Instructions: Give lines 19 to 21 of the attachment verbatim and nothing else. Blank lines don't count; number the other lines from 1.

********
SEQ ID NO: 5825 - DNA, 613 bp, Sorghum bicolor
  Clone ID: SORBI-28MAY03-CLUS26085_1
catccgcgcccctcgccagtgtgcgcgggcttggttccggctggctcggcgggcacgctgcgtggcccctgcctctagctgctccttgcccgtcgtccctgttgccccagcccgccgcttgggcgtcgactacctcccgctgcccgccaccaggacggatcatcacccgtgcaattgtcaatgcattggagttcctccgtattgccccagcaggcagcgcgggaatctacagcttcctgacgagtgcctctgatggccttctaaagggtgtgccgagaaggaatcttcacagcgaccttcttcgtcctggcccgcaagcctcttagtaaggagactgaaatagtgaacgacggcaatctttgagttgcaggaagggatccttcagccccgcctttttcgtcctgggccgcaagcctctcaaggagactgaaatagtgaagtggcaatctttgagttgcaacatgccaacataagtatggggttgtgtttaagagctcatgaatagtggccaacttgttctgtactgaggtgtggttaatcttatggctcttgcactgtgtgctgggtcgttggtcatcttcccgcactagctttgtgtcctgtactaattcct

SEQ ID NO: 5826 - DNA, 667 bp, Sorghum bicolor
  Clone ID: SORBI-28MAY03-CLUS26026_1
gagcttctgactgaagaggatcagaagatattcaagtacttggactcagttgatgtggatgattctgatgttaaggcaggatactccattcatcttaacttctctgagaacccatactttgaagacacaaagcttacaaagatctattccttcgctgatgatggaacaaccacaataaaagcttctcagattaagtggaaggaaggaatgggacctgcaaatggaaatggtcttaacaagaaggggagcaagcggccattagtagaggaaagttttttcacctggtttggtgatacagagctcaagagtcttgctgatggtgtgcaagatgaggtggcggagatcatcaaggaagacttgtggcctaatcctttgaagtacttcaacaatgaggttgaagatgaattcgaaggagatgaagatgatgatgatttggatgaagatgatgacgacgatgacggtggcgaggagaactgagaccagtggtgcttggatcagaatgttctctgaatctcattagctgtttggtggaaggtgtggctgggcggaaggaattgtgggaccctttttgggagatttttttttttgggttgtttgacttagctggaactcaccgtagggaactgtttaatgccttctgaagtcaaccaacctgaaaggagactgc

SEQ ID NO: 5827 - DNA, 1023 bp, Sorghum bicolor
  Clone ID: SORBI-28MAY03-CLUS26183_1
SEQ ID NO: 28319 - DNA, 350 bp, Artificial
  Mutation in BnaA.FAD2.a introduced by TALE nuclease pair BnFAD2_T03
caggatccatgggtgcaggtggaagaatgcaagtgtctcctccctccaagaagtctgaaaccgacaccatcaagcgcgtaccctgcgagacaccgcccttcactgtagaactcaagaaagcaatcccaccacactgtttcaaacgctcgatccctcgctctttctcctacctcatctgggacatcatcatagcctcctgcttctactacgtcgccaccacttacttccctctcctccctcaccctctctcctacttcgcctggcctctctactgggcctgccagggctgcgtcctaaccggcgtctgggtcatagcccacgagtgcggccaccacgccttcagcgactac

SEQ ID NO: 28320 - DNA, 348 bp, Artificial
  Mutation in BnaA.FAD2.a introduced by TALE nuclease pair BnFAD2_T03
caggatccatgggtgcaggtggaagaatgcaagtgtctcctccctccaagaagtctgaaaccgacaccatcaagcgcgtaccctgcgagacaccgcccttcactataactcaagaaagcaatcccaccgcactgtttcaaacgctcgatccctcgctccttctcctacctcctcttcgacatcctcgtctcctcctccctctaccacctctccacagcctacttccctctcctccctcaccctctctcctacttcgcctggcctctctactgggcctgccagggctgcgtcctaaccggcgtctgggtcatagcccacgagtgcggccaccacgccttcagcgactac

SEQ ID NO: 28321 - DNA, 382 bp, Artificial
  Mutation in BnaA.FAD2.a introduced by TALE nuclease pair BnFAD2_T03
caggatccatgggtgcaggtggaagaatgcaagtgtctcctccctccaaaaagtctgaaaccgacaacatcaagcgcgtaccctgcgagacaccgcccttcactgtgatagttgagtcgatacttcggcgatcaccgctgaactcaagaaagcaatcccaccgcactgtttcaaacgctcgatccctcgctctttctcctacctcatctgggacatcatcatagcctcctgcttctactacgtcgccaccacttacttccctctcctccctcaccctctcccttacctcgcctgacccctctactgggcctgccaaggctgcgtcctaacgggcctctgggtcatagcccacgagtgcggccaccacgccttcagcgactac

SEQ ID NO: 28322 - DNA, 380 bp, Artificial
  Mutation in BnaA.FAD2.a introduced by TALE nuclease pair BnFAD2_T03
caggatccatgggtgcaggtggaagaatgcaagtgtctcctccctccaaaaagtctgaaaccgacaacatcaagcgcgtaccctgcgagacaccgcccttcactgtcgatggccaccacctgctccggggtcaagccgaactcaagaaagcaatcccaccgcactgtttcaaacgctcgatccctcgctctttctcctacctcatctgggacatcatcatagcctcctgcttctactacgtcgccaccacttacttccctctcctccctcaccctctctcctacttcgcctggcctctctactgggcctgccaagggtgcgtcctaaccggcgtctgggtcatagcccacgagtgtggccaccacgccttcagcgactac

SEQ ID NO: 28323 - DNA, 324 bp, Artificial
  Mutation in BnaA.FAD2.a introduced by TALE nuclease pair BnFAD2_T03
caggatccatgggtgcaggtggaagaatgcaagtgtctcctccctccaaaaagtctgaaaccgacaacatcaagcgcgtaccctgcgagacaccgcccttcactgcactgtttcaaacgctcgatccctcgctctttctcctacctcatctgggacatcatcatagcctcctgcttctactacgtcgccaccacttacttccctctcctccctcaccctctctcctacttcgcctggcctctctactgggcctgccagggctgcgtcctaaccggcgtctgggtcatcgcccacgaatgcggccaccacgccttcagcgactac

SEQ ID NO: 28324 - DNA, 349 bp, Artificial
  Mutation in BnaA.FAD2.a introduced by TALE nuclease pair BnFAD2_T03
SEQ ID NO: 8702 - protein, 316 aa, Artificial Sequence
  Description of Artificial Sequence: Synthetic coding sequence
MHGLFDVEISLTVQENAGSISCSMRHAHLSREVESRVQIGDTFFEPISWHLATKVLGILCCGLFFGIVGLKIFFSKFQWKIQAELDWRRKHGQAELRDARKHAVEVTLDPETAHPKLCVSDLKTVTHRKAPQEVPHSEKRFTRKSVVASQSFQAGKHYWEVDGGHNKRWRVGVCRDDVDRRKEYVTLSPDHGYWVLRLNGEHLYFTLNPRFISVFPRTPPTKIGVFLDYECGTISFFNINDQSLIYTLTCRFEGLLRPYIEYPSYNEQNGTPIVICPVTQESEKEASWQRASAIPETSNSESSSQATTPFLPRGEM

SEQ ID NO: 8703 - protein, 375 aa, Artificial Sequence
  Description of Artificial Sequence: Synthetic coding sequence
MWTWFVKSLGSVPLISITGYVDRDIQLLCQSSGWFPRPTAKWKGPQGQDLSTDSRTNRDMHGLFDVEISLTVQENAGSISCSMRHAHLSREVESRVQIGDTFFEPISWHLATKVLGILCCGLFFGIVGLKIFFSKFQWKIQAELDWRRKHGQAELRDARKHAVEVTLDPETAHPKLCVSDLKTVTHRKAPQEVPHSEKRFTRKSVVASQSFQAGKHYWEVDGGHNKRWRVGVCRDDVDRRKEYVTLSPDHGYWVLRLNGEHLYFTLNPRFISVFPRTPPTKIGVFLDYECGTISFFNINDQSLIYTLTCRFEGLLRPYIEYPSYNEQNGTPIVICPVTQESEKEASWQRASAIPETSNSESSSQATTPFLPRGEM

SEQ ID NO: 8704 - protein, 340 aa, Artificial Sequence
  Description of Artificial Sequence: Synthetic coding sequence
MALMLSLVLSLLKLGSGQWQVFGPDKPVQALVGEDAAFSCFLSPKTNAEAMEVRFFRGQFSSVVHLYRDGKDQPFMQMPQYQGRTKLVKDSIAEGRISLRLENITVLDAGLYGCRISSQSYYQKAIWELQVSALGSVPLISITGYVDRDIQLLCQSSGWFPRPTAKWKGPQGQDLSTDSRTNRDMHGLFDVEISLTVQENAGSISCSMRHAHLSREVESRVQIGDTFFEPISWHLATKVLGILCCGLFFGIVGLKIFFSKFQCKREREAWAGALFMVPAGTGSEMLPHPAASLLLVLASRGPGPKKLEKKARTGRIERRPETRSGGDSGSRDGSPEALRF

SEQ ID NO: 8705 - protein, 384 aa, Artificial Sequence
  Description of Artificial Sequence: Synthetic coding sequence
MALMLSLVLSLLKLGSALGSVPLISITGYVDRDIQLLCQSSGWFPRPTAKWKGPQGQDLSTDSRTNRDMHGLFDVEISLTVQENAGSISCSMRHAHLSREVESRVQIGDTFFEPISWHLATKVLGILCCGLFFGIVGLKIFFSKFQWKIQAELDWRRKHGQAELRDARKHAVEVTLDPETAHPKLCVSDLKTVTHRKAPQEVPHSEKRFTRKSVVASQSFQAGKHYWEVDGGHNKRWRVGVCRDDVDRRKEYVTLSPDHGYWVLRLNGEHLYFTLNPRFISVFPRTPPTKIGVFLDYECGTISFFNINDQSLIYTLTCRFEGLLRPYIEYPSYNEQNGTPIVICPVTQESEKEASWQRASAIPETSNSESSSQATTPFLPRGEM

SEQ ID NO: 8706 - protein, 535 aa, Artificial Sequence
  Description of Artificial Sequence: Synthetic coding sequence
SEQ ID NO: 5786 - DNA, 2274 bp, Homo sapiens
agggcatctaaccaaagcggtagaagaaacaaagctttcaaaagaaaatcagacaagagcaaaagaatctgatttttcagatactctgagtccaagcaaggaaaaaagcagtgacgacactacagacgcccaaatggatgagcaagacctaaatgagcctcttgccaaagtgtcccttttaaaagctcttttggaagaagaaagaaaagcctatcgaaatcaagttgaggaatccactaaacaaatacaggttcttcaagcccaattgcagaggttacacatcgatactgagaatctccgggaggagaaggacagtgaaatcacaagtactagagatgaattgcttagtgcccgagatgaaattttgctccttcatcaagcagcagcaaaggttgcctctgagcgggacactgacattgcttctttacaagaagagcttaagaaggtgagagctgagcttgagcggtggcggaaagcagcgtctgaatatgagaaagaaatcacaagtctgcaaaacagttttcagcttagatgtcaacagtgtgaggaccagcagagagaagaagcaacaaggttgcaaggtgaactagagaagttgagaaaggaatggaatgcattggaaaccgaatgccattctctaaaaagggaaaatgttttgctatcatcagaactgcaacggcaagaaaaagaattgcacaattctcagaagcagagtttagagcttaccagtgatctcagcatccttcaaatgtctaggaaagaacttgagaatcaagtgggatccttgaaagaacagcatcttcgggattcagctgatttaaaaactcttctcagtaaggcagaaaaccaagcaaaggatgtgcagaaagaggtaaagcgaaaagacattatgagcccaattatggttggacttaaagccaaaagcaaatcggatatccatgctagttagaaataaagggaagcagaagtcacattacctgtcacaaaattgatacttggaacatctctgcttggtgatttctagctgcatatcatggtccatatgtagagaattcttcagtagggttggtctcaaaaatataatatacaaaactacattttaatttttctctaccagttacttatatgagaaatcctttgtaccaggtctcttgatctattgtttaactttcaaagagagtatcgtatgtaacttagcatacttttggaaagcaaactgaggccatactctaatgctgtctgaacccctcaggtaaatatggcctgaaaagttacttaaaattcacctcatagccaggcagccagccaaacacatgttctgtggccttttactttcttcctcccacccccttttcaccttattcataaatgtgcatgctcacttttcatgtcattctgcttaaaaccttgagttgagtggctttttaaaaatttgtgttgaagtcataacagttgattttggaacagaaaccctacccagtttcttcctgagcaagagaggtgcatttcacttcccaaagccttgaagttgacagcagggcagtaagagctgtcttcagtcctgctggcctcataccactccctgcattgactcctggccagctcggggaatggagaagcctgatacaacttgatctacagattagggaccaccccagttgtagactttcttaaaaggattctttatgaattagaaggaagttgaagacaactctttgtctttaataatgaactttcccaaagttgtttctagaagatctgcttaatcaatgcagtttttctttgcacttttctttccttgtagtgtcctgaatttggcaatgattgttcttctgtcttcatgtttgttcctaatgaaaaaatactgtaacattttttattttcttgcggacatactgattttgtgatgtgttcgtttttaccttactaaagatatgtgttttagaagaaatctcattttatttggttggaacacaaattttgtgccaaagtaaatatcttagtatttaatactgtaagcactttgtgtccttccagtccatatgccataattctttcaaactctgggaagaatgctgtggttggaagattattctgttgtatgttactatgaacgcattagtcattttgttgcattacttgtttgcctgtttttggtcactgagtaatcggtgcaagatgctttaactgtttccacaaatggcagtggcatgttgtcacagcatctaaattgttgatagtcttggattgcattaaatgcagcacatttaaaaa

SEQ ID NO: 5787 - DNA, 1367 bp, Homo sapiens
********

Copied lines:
  Mutation in BnaA.FAD2.a introduced by TALE nuclease pair BnFAD2_T03
caggatccatgggtgcaggtggaagaatgcaagtgtctcctccctccaaaaagtctgaaaccgacaacatcaagcgcgtaccctgcgagacaccgcccttcactgtcgatggccaccacctgctccggggtcaagccgaactcaagaaagcaatcccaccgcactgtttcaaacgctcgatccctcgctctttctcctacctcatctgggacatcatcatagcctcctgcttctactacgtcgccaccacttacttccctctcctccctcaccctctctcctacttcgcctggcctctctactgggcctgccaagggtgcgtcctaaccggcgtctgggtcatagcccacgagtgtggccaccacgccttcagcgactac

SEQ ID NO: 28323 - DNA, 324 bp, Artificial